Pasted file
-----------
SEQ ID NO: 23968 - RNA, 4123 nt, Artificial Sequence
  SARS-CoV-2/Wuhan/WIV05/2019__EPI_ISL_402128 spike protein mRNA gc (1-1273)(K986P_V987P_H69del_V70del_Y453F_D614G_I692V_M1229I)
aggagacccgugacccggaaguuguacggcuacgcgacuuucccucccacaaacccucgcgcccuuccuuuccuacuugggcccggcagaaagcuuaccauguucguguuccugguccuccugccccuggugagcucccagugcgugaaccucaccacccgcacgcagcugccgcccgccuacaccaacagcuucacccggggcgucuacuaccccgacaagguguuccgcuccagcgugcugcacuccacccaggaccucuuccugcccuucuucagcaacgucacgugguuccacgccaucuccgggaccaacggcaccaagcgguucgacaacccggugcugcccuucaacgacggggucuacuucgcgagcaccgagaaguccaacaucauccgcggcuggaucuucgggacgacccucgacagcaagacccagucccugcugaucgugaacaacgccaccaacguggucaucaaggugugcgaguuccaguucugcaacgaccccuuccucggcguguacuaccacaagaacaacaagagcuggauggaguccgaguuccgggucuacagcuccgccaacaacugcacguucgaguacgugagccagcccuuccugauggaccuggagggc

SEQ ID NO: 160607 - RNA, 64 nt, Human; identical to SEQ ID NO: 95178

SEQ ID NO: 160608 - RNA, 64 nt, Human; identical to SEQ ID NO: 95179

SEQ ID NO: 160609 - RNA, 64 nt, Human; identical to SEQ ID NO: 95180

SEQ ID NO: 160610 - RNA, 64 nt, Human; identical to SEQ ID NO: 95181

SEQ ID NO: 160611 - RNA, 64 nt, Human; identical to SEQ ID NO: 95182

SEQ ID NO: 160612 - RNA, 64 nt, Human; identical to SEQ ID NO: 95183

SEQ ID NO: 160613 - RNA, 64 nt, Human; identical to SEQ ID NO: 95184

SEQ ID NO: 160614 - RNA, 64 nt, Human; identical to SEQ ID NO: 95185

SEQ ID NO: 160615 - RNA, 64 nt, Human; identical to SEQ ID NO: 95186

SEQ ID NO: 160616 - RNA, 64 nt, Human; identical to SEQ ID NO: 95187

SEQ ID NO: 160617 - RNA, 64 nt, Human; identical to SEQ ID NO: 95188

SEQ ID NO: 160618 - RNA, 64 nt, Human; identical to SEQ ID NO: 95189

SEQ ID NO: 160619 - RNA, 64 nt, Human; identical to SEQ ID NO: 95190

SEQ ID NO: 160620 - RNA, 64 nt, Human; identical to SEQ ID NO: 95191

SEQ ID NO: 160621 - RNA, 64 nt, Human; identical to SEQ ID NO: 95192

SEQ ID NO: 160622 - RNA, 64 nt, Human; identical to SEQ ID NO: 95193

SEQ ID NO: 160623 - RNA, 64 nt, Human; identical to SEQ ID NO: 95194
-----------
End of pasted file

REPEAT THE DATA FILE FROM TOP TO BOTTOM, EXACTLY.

SEQ ID NO: 23968 - RNA, 4123 nt, Artificial Sequence
  SARS-CoV-2/Wuhan/WIV05/2019__EPI_ISL_402128 spike protein mRNA gc (1-1273)(K986P_V987P_H69del_V70del_Y453F_D614G_I692V_M1229I)
aggagacccgugacccggaaguuguacggcuacgcgacuuucccucccacaaacccucgcgcccuuccuuuccuacuugggcccggcagaaagcuuaccauguucguguuccugguccuccugccccuggugagcucccagugcgugaaccucaccacccgcacgcagcugccgcccgccuacaccaacagcuucacccggggcgucuacuaccccgacaagguguuccgcuccagcgugcugcacuccacccaggaccucuuccugcccuucuucagcaacgucacgugguuccacgccaucuccgggaccaacggcaccaagcgguucgacaacccggugcugcccuucaacgacggggucuacuucgcgagcaccgagaaguccaacaucauccgcggcuggaucuucgggacgacccucgacagcaagacccagucccugcugaucgugaacaacgccaccaacguggucaucaaggugugcgaguuccaguucugcaacgaccccuuccucggcguguacuaccacaagaacaacaagagcuggauggaguccgaguuccgggucuacagcuccgccaacaacugcacguucgaguacgugagccagcccuuccugauggaccuggagggc

SEQ ID NO: 160607 - RNA, 64 nt, Human; identical to SEQ ID NO: 95178

SEQ ID NO: 160608 - RNA, 64 nt, Human; identical to SEQ ID NO: 95179

SEQ ID NO: 160609 - RNA, 64 nt, Human; identical to SEQ ID NO: 95180

SEQ ID NO: 160610 - RNA, 64 nt, Human; identical to SEQ ID NO: 95181

SEQ ID NO: 160611 - RNA, 64 nt, Human; identical to SEQ ID NO: 95182

SEQ ID NO: 160612 - RNA, 64 nt, Human; identical to SEQ ID NO: 95183

SEQ ID NO: 160613 - RNA, 64 nt, Human; identical to SEQ ID NO: 95184

SEQ ID NO: 160614 - RNA, 64 nt, Human; identical to SEQ ID NO: 95185

SEQ ID NO: 160615 - RNA, 64 nt, Human; identical to SEQ ID NO: 95186

SEQ ID NO: 160616 - RNA, 64 nt, Human; identical to SEQ ID NO: 95187

SEQ ID NO: 160617 - RNA, 64 nt, Human; identical to SEQ ID NO: 95188

SEQ ID NO: 160618 - RNA, 64 nt, Human; identical to SEQ ID NO: 95189

SEQ ID NO: 160619 - RNA, 64 nt, Human; identical to SEQ ID NO: 95190

SEQ ID NO: 160620 - RNA, 64 nt, Human; identical to SEQ ID NO: 95191

SEQ ID NO: 160621 - RNA, 64 nt, Human; identical to SEQ ID NO: 95192

SEQ ID NO: 160622 - RNA, 64 nt, Human; identical to SEQ ID NO: 95193

SEQ ID NO: 160623 - RNA, 64 nt, Human; identical to SEQ ID NO: 95194